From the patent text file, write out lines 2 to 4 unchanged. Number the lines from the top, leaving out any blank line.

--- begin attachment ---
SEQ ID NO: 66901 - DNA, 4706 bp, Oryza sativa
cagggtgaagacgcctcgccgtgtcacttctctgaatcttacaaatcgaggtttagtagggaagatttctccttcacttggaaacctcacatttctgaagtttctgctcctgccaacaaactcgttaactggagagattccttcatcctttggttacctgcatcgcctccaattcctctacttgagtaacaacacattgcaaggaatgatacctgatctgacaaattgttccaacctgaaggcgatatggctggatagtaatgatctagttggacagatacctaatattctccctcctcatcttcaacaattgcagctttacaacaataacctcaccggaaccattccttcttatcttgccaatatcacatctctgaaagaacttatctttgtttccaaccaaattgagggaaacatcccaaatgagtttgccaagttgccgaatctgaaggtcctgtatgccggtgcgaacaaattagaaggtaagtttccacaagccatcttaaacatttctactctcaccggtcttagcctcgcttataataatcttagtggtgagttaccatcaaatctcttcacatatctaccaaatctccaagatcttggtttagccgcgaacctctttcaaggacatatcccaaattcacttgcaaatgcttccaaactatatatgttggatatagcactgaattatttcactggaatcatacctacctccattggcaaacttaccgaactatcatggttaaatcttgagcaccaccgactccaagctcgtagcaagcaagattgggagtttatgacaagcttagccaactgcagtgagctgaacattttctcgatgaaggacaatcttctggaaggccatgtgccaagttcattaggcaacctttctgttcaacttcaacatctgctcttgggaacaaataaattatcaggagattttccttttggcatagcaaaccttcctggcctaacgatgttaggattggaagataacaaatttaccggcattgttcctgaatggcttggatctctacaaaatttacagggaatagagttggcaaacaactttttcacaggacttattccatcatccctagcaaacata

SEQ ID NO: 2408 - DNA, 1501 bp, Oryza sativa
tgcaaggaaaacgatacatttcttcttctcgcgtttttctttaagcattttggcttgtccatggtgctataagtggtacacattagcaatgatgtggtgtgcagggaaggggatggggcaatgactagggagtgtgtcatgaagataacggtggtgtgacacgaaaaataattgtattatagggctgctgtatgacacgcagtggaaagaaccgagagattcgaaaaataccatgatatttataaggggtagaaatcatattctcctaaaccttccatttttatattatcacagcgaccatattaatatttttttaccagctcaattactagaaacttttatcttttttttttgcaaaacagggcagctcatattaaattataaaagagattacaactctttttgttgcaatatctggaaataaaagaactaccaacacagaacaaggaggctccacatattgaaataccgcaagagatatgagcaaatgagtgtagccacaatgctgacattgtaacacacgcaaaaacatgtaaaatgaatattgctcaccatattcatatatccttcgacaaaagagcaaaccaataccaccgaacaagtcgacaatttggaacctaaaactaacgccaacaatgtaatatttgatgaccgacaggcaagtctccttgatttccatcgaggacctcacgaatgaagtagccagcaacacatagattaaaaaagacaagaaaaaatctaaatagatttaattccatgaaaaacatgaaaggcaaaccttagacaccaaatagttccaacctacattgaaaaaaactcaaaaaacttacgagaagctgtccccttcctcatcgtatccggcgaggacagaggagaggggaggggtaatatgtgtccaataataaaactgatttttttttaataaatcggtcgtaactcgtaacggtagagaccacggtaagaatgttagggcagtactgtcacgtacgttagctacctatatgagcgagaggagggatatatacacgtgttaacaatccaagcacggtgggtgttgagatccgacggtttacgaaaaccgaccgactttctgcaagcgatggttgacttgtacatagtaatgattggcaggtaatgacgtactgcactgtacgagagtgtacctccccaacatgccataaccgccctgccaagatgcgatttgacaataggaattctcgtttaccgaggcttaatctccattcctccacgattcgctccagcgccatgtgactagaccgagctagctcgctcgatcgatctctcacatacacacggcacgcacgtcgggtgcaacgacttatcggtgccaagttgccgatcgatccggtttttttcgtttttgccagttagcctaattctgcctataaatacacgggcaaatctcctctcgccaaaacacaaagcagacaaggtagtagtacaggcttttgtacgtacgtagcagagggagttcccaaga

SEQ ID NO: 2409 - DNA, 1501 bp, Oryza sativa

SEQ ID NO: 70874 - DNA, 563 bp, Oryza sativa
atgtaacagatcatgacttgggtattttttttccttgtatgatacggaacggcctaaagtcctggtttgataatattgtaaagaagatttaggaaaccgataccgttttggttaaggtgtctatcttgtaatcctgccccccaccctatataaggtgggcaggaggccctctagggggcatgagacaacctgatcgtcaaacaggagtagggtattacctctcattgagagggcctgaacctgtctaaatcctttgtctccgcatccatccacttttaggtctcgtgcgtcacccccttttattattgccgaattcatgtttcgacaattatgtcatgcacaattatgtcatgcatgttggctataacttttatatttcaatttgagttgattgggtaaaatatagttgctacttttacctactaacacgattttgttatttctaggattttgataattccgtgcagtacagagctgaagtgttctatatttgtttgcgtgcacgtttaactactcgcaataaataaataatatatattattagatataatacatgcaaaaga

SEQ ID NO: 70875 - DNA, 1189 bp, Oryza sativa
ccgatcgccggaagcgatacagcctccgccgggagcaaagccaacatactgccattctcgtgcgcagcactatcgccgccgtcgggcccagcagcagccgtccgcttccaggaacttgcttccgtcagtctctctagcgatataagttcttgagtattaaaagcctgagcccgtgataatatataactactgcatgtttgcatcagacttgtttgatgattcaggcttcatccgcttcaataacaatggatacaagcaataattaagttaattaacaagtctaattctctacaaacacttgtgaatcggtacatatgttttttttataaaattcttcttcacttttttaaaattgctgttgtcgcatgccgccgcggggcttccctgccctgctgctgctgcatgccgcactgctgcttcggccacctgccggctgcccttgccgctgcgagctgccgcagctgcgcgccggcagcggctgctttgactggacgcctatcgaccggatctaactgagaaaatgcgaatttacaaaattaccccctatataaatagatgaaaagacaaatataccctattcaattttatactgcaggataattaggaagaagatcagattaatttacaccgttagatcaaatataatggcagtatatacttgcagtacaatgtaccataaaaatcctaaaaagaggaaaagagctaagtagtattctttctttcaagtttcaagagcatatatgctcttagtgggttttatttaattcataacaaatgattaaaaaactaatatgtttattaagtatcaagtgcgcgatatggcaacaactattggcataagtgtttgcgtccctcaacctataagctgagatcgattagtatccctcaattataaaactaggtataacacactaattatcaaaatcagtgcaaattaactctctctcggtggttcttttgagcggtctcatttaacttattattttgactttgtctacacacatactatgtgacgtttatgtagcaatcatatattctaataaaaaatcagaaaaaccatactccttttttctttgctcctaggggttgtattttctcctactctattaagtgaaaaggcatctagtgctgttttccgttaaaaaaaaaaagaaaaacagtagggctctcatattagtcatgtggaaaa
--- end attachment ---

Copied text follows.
cagggtgaagacgcctcgccgtgtcacttctctgaatcttacaaatcgaggtttagtagggaagatttctccttcacttggaaacctcacatttctgaagtttctgctcctgccaacaaactcgttaactggagagattccttcatcctttggttacctgcatcgcctccaattcctctacttgagtaacaacacattgcaaggaatgatacctgatctgacaaattgttccaacctgaaggcgatatggctggatagtaatgatctagttggacagatacctaatattctccctcctcatcttcaacaattgcagctttacaacaataacctcaccggaaccattccttcttatcttgccaatatcacatctctgaaagaacttatctttgtttccaaccaaattgagggaaacatcccaaatgagtttgccaagttgccgaatctgaaggtcctgtatgccggtgcgaacaaattagaaggtaagtttccacaagccatcttaaacatttctactctcaccggtcttagcctcgcttataataatcttagtggtgagttaccatcaaatctcttcacatatctaccaaatctccaagatcttggtttagccgcgaacctctttcaaggacatatcccaaattcacttgcaaatgcttccaaactatatatgttggatatagcactgaattatttcactggaatcatacctacctccattggcaaacttaccgaactatcatggttaaatcttgagcaccaccgactccaagctcgtagcaagcaagattgggagtttatgacaagcttagccaactgcagtgagctgaacattttctcgatgaaggacaatcttctggaaggccatgtgccaagttcattaggcaacctttctgttcaacttcaacatctgctcttgggaacaaataaattatcaggagattttccttttggcatagcaaaccttcctggcctaacgatgttaggattggaagataacaaatttaccggcattgttcctgaatggcttggatctctacaaaatttacagggaatagagttggcaaacaactttttcacaggacttattccatcatccctagcaaacata

SEQ ID NO: 2408 - DNA, 1501 bp, Oryza sativa
tgcaaggaaaacgatacatttcttcttctcgcgtttttctttaagcattttggcttgtccatggtgctataagtggtacacattagcaatgatgtggtgtgcagggaaggggatggggcaatgactagggagtgtgtcatgaagataacggtggtgtgacacgaaaaataattgtattatagggctgctgtatgacacgcagtggaaagaaccgagagattcgaaaaataccatgatatttataaggggtagaaatcatattctcctaaaccttccatttttatattatcacagcgaccatattaatatttttttaccagctcaattactagaaacttttatcttttttttttgcaaaacagggcagctcatattaaattataaaagagattacaactctttttgttgcaatatctggaaataaaagaactaccaacacagaacaaggaggctccacatattgaaataccgcaagagatatgagcaaatgagtgtagccacaatgctgacattgtaacacacgcaaaaacatgtaaaatgaatattgctcaccatattcatatatccttcgacaaaagagcaaaccaataccaccgaacaagtcgacaatttggaacctaaaactaacgccaacaatgtaatatttgatgaccgacaggcaagtctccttgatttccatcgaggacctcacgaatgaagtagccagcaacacatagattaaaaaagacaagaaaaaatctaaatagatttaattccatgaaaaacatgaaaggcaaaccttagacaccaaatagttccaacctacattgaaaaaaactcaaaaaacttacgagaagctgtccccttcctcatcgtatccggcgaggacagaggagaggggaggggtaatatgtgtccaataataaaactgatttttttttaataaatcggtcgtaactcgtaacggtagagaccacggtaagaatgttagggcagtactgtcacgtacgttagctacctatatgagcgagaggagggatatatacacgtgttaacaatccaagcacggtgggtgttgagatccgacggtttacgaaaaccgaccgactttctgcaagcgatggttgacttgtacatagtaatgattggcaggtaatgacgtactgcactgtacgagagtgtacctccccaacatgccataaccgccctgccaagatgcgatttgacaataggaattctcgtttaccgaggcttaatctccattcctccacgattcgctccagcgccatgtgactagaccgagctagctcgctcgatcgatctctcacatacacacggcacgcacgtcgggtgcaacgacttatcggtgccaagttgccgatcgatccggtttttttcgtttttgccagttagcctaattctgcctataaatacacgggcaaatctcctctcgccaaaacacaaagcagacaaggtagtagtacaggcttttgtacgtacgtagcagagggagttcccaaga